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Some Design Basics

Designing with conifers is easy and their uses in the landscape are limited only by the imagination. The strong silhouettes of many compact, slow-growing conifers can accent a corner of a garden bed, frame a doorway or add winter interest to perennial and annual flower beds.

Use conifers in foundation plantings, borders or island beds with other shrubs. Plant a mixture of different conifers, blending the various textures, shapes and colors, for a unique low-maintenance landscape.

Using a variety of conifer species and cultivars of different sizes, textures and colors creates a low maintenance border with year round interest
The designer of this Massachusetts garden used a variety of conifer species and cultivars of different sizes, textures and colors to create a low maintenance border with year round interest. In spring, some cones emerge red or purple to add to the seasonal palette.

Photo by Sean Callahan


Use large specimens amid expansive lawns and miniature specimens to view up close in containers, troughs or rock gardens. Don’t forget that conifers are also stalwart hedging and windbreak plants.

Pruning Conifers

The natural growth pattern of a normal or dwarf evergreen is a large part of its charm. When the wrong plant is selected or the right plant is not maintained properly, this charm may be lost as the conifer grows too large for its assigned space. At this point, you must choose between pruning, moving or removing; often removing and replacing the plant is easier. Some evergreens can be severely pruned while others cannot. In most cases, severe pruning will destroy the conifer’s natural charm, although some plants may recover over time.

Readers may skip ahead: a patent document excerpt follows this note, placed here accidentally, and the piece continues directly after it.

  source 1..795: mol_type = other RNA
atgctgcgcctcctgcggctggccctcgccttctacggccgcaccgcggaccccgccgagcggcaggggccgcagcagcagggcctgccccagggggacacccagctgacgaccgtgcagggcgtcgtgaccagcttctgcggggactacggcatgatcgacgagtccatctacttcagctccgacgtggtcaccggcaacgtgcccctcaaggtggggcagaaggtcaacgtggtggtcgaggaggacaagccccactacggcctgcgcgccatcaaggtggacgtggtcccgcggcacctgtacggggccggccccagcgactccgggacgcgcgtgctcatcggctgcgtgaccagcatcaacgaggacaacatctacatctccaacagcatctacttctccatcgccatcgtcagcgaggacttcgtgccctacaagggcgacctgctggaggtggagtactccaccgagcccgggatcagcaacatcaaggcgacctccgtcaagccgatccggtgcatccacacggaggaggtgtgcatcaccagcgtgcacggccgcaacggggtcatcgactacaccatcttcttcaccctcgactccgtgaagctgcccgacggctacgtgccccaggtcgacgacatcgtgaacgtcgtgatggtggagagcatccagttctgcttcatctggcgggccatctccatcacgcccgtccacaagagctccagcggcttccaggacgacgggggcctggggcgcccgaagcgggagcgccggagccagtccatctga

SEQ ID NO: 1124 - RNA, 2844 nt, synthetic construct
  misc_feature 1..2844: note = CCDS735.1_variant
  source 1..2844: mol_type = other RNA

Yews and hemlocks are the easiest to control. Both have abundant buds on old and new wood; these develop into twigs when the wood above is cut. Since they can be sheared heavily without permanent harm, they can be used as hedges. The leaves tolerate some shade, so they grow well on the inside of the plant and allow for shearing or pruning. Pruning in the spring just before the new growth begins allows the pruning cuts to be covered with new growth very rapidly, preventing the “just sheared” look.

Firs, cedars, spruce and Douglas firs are also easy to manage. These have visible buds along the current season’s growth; some also have buds along the stems of the previous year’s growth. Control size at any time by pruning back to a bud. For a formal shape, prune or shear when the current season’s growth is soft. These plants’ leaves tolerate some shade, so pruning and shearing can potentially produce a dense plant.

Take more care with pines. When pruning pines, be aware that pines lack buds along the stem. Buds are only present at the tip of the current season’s growth, so the time to prune pines is in the spring. Soft new growth, called a “candle,” can be cut or pinched before the needles are fully elongated, and buds will develop from needle fascicles below the cut. This type of spring pruning or “candling” will produce a compact plant. During the rest of the year, prune carefully or you may damage the plant’s shape.

Junipers, arborvitaes and falsecypress (Chamaecyparis) are the most difficult to maintain at a particular size. This group’s buds are present only where there are green leaves; a branch cut back to a non-leafy region will not produce new foliage. If you shear one of these plants, do so carefully while it is actively growing in the spring. The naked brown interior indicates that the leaves are intolerant of shade. Each plant in this group forms a thin shell of green growth surrounding a zone of leafless twigs and limbs. Take care not to open this shell during pruning, since the unsightly scar may not be covered for many years.

Final Cuts

Make sure your hand shears and lopers are clean and sharp. Clean them after use, particularly if you’ve been cutting diseased wood. Contoured hand shears are more comfortable and efficient; many models come in left-hand models as well. Hand shears and lopers have recommended limits to the thickness they will cut comfortably. Exceed those limits and you not only risk straining your hand and arms but will make a sloppy cut that invites insects and disease to invade before the tree heals. Remove diseased wood from the area.

There are some borers and moths that can kill terminals (or other shoots) near the top of growing spruces and pines. If so, prune the dead brown branch down the nearest junction of healthy emerging growth (the whorl) and fashion a new leader. Don’t leave the dead cuttings lying around. Better to put them in a sealed plastic bag and deposit in the trash to get them – and their incubating eggs – off your property and into a landfill.

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